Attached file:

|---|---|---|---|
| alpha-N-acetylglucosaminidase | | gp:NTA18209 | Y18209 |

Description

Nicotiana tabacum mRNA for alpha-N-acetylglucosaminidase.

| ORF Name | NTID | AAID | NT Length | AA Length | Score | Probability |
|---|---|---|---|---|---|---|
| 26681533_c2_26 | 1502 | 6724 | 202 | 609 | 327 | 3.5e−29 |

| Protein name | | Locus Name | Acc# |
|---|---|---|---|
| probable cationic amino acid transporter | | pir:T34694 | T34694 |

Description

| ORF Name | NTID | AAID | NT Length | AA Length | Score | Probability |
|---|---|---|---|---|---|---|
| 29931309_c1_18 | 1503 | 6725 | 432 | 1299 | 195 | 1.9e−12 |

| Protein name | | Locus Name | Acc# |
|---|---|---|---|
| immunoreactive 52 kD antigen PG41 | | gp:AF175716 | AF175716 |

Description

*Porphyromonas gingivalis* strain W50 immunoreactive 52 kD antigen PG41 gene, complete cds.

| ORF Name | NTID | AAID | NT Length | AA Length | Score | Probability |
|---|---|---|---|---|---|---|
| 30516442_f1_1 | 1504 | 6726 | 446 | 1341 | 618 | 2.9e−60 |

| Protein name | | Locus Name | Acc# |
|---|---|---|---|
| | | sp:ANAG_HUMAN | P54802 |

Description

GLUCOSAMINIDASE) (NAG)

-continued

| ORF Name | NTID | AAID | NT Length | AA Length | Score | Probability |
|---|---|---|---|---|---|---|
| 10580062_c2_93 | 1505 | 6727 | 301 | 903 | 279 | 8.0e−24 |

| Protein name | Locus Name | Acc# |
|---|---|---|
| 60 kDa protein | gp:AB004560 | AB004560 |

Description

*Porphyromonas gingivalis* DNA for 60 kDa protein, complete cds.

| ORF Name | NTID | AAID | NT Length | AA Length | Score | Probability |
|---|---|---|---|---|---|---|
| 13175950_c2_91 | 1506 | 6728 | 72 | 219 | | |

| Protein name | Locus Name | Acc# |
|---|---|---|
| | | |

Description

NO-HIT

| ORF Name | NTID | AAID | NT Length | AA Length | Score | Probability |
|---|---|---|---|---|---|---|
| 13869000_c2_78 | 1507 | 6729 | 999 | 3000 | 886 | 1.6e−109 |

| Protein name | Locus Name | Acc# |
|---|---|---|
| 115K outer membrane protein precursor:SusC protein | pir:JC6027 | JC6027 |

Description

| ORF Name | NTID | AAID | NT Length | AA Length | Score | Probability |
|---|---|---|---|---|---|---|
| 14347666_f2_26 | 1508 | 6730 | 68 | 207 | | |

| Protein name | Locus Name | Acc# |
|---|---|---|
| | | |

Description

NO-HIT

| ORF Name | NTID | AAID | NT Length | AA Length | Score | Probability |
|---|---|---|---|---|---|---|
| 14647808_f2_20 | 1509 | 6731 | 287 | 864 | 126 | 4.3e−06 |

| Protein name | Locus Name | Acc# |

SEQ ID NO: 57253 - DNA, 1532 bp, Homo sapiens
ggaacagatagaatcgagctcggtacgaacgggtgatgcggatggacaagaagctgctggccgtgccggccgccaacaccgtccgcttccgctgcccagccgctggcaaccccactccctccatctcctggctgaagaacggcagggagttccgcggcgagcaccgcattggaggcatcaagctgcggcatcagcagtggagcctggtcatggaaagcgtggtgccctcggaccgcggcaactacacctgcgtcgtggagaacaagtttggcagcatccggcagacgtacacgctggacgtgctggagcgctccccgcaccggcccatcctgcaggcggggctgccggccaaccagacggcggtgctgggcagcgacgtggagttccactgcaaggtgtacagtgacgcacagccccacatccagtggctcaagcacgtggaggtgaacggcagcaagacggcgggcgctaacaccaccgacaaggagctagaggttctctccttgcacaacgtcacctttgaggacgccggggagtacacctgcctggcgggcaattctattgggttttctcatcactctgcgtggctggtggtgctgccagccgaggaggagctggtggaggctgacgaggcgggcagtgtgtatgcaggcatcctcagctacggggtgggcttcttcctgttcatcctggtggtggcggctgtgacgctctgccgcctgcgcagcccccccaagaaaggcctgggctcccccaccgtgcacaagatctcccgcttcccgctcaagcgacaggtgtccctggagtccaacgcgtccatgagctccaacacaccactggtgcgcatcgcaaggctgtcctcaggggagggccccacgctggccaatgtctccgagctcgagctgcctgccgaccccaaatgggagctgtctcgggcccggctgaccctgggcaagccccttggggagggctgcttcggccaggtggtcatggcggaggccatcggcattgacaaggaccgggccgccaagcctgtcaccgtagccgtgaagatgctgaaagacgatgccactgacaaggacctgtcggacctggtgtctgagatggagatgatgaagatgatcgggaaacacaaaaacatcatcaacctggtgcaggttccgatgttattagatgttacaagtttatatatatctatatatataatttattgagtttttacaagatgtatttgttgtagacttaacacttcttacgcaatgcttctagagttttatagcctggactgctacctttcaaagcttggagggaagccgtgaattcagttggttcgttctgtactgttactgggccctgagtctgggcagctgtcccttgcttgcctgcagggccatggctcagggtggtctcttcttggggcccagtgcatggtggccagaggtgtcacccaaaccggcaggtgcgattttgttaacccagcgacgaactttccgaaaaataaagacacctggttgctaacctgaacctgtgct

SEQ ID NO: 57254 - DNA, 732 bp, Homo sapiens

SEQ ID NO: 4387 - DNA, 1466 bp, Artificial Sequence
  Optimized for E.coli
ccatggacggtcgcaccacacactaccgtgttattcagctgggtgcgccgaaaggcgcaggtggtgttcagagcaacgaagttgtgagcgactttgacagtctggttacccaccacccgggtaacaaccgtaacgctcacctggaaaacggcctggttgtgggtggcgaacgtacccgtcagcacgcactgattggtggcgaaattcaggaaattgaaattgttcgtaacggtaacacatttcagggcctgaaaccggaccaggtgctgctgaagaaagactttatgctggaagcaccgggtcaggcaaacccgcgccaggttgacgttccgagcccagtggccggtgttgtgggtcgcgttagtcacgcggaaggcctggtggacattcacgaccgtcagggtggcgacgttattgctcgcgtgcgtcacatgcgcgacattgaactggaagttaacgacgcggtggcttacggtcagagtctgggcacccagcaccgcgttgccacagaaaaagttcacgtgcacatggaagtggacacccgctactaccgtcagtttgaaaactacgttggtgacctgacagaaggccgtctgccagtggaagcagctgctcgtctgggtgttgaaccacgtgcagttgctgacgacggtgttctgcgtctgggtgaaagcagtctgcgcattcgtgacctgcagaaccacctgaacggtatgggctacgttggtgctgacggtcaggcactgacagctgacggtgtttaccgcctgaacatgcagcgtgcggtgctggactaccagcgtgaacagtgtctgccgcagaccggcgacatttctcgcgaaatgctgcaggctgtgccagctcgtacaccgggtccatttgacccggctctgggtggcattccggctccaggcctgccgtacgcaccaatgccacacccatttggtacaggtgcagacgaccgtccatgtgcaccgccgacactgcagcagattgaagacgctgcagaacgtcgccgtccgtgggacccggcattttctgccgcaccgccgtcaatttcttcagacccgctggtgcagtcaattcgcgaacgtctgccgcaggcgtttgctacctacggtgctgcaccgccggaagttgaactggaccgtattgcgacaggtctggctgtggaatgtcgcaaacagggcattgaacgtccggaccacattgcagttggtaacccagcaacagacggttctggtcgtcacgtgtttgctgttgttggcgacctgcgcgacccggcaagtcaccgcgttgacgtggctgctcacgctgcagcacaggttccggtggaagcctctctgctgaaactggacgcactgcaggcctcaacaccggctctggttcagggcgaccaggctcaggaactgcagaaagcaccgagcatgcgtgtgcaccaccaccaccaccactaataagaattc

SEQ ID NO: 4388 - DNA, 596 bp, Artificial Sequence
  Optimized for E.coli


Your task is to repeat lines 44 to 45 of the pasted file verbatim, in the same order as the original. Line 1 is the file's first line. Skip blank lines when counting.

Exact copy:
NO-HIT

| ORF Name | NTID | AAID | NT Length | AA Length | Score | Probability |